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Top 10 30-Somethings 2018: Greg Wu

Top Ten 30 Somethings
Update: The nomination deadline has been extended to Friday, December, 14.

ACC's Top 10 30-Somethings program is now accepting nominations. The program recognizes the world's best in-house counsel between the ages of 30 and 39. During the nomination period, which runs until Friday, December 7, ACCDocket.com will feature profiles of the 2018 honorees, who showcase the innovation, proactive approach to challenges, strong global perspective, in-house advocacy, and commitment to pro bono and community service that have been become hallmarks of the program. Visit our Top 30-Somethings nomination page for more information.

Greg Wu has always been an empathic and inclusive person — perhaps a byproduct of growing up as a middle child and as a twin. In grade school, he was always the first one to befriend a new student in class.

As he matured, his desire to better understand people's minds led him to study psychology at Duke University, while his desire to stop his mom from nagging him led him to attend Harvard Law School (she didn't stop). Studying something as complex as the human mind helped prepare him to practice an area of law arguably even more complex — employee benefits (commonly known as ERISA).

He is now managing counsel of employee benefits at United Airlines. He is also the president of United's Multi-Cultural Business Resource Group (known as UNITE), where he plays a similar role to the one he played in grade school: making people feel included.

UNITE educates employees about different cultures, plans professional development and networking opportunities for its members, and helps the company recruit diverse talent. Since Wu took over as president last year, membership has almost tripled, and UNITE is now the largest business resource group at the company.

One of the first issues he wanted to solve as UNITE's president was a logistical one — the inefficient and ineffective use of sign-in sheets to track event attendance and sign-up new members. This age-old method was time-consuming and often yielded incomplete or illegible information.

His team found a simple, practical solution: a US$15 magnetic card reader. Every United employee has an identification badge that is used to enter the office.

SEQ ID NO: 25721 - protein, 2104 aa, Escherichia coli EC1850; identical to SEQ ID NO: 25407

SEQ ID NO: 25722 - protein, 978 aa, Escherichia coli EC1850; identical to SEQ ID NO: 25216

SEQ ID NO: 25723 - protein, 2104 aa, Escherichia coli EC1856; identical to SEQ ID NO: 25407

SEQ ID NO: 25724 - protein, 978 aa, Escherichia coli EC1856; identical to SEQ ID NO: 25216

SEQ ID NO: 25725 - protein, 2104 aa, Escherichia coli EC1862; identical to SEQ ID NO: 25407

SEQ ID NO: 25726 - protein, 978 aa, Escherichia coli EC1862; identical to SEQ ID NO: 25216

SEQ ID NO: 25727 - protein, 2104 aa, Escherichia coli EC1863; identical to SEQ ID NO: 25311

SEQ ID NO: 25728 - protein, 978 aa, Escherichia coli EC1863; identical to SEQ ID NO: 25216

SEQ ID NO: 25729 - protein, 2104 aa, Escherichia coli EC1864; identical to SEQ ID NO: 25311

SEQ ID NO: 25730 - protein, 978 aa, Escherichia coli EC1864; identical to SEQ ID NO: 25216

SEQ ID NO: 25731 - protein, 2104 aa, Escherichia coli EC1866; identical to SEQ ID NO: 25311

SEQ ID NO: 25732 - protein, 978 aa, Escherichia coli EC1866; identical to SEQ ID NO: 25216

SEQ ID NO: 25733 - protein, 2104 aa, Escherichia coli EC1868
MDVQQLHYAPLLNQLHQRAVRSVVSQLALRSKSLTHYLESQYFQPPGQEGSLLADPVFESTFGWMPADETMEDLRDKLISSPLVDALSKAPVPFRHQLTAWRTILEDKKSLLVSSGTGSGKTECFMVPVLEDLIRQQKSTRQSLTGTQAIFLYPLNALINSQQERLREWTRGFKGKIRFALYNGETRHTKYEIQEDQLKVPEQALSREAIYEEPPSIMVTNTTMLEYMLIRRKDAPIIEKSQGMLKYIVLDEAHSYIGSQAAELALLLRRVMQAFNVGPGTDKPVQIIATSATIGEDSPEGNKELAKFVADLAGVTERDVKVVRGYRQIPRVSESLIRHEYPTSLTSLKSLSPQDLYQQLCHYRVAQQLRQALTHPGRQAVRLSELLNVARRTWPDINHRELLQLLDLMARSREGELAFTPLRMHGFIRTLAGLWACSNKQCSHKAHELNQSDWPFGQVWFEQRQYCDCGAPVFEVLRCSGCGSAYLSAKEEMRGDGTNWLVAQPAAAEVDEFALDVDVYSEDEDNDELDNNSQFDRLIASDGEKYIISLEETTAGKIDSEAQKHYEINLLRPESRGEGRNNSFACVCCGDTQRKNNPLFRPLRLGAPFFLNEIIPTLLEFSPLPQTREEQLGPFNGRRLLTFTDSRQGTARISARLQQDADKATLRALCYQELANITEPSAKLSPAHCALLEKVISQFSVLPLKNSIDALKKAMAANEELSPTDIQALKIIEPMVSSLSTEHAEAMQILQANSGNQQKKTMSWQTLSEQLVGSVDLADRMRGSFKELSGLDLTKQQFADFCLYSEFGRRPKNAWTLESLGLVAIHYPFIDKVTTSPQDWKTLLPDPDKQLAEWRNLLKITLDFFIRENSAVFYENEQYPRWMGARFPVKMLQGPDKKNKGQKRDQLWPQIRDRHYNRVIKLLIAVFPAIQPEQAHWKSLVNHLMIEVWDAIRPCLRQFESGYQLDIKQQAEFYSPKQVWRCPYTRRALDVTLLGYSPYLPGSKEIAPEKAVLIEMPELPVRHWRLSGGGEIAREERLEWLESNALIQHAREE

Now employees can quickly swipe their badge before attending a UNITE event, and their name and email address are automatically entered into an Excel sheet. Wu shared this new process with other employee groups at United, and it was quickly adopted company-wide.

Wu's efforts to advance diversity extend beyond UNITE. He mentors diverse law students every year under numerous mentorship programs and is involved with various organizations working to build a more diverse legal profession.

"We are past the point of needing to debate whether diversity matters or not," he contends, adding that it will take dedicated leaders actively working to improve diversity to effect significant change.

One organization he's involved with that has such leaders is the Leadership Council of Legal Diversity (LCLD), where he serves on the executive council with other alumni from the LCLD Fellows Program.

Wu also leads United's involvement with Legal Prep's Negotiations Program, where volunteers teach inner-city students critical thinking and analytical reasoning skills through a negotiations workshop. "To improve legal diversity, we need to address the talent pipeline and get diverse individuals interested in the legal profession to begin with," he maintains.

Wu likes to make time for other pro bono opportunities as well. For example, he has helped undocumented immigrant children obtain employment authorization and avoid deportation; he travels to senior citizen centers in low-income areas to draft Powers of Attorney; he counsels parents on their disabled children's special education rights; he helps low-income families get tax refunds; and he mentors foreign nationals and foster children seeking job opportunities.

Although he has received such honors as the NAPABA Best Lawyers Under 40 Award and the Stakeholder 100 Award, the proudest moment of his legal career may have come recently after he helped a pro bono client win a civil asset forfeiture case.

"As a transactional attorney, I could always joke about being undefeated at trial," Wu says. "But after 15 years of practicing law, I can finally say I won one!" Maybe his mom will finally stop nagging him now.

More Top 10 30-Somethings of 2018

Sheila Bangalore

Christopher Y. Chan

Steve Gangemi

Mary Gritzmacher

Paul Lanois

Olga V. Mack

Shelly Paioff

Julie Ryan

Diana Toman

About the Author

Joshua H. Shields is the managing editor of the Association of Corporate Counsel.


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